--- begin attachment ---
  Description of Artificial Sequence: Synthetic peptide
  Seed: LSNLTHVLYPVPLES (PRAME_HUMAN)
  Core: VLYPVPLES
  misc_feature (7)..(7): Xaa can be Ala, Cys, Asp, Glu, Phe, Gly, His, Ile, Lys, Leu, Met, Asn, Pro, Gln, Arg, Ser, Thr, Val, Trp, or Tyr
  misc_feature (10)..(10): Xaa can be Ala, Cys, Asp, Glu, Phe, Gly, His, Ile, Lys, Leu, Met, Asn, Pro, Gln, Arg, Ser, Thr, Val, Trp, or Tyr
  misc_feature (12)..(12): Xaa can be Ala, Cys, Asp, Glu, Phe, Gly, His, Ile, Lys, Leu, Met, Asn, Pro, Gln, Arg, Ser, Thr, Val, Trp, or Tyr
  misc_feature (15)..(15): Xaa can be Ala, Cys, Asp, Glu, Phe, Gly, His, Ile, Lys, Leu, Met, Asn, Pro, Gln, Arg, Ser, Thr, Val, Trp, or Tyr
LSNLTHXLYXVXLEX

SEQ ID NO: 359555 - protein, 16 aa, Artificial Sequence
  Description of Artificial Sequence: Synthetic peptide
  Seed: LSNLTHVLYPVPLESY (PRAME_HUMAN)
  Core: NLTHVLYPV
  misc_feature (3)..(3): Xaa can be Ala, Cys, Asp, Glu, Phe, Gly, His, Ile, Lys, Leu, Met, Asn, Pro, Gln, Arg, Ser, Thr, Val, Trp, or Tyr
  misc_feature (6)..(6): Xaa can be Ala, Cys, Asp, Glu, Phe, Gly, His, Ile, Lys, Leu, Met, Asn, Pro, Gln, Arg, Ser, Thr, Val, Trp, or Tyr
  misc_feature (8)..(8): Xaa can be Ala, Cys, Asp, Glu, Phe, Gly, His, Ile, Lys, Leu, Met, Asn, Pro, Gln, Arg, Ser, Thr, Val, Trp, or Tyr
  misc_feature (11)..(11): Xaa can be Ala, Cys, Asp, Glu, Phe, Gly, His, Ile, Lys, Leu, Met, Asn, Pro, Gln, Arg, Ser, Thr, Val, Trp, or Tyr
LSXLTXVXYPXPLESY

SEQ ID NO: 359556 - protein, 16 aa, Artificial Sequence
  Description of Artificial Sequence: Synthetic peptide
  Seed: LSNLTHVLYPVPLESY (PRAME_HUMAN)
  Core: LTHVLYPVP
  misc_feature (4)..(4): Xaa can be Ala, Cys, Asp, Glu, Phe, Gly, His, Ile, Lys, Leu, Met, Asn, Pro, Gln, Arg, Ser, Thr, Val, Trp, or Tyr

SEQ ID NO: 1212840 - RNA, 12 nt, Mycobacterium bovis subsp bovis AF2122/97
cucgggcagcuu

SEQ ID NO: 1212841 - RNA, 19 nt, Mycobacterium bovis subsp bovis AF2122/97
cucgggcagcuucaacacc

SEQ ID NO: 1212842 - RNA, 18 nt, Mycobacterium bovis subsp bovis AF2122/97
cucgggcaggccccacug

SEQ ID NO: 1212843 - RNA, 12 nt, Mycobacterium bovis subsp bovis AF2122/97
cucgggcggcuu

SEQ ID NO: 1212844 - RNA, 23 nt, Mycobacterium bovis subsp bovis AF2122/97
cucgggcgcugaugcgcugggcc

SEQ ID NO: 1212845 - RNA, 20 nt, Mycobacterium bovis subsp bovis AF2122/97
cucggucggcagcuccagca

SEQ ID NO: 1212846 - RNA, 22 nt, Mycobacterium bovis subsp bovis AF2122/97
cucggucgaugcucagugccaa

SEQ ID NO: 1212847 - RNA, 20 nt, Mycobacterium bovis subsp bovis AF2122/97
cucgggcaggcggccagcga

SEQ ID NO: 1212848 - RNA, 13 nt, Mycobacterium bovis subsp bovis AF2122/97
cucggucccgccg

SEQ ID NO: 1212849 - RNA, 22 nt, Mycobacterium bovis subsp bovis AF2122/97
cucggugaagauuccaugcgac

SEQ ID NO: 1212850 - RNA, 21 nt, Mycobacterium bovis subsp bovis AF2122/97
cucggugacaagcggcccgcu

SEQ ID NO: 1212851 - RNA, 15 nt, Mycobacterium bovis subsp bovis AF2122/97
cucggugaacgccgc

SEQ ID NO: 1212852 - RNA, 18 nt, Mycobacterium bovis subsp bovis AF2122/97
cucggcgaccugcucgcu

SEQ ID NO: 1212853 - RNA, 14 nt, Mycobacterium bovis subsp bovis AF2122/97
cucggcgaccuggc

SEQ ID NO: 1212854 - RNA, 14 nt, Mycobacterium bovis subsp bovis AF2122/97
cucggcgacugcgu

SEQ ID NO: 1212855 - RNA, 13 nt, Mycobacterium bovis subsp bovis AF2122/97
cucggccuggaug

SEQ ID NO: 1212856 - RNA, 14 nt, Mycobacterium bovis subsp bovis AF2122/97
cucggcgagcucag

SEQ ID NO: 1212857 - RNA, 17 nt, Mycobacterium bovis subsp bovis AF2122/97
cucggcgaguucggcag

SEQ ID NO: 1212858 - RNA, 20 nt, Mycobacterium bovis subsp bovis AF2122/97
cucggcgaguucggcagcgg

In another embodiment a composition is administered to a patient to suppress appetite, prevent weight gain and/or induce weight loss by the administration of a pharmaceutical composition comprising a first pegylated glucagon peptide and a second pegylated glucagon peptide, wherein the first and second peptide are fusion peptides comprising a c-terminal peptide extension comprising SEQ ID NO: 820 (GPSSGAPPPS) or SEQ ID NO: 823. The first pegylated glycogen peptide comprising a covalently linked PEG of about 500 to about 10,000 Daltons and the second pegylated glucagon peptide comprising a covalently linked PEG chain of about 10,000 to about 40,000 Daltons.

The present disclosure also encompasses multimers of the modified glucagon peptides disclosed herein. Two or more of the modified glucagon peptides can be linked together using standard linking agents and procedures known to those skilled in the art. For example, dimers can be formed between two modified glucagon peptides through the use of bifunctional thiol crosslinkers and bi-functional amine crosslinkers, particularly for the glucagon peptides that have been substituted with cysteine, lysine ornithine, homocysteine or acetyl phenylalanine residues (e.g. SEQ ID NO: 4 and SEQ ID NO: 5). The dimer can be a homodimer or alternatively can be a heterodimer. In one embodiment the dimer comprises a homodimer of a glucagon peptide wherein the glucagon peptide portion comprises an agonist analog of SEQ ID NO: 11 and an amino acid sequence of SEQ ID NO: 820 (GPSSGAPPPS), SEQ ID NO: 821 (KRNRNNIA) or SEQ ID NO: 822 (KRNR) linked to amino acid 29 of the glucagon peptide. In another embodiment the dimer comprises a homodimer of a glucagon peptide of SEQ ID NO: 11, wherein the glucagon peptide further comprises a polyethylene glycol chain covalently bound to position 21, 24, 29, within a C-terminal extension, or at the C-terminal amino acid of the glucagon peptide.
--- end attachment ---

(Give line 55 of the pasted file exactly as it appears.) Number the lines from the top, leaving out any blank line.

SEQ ID NO: 1212856 - RNA, 14 nt, Mycobacterium bovis subsp bovis AF2122/97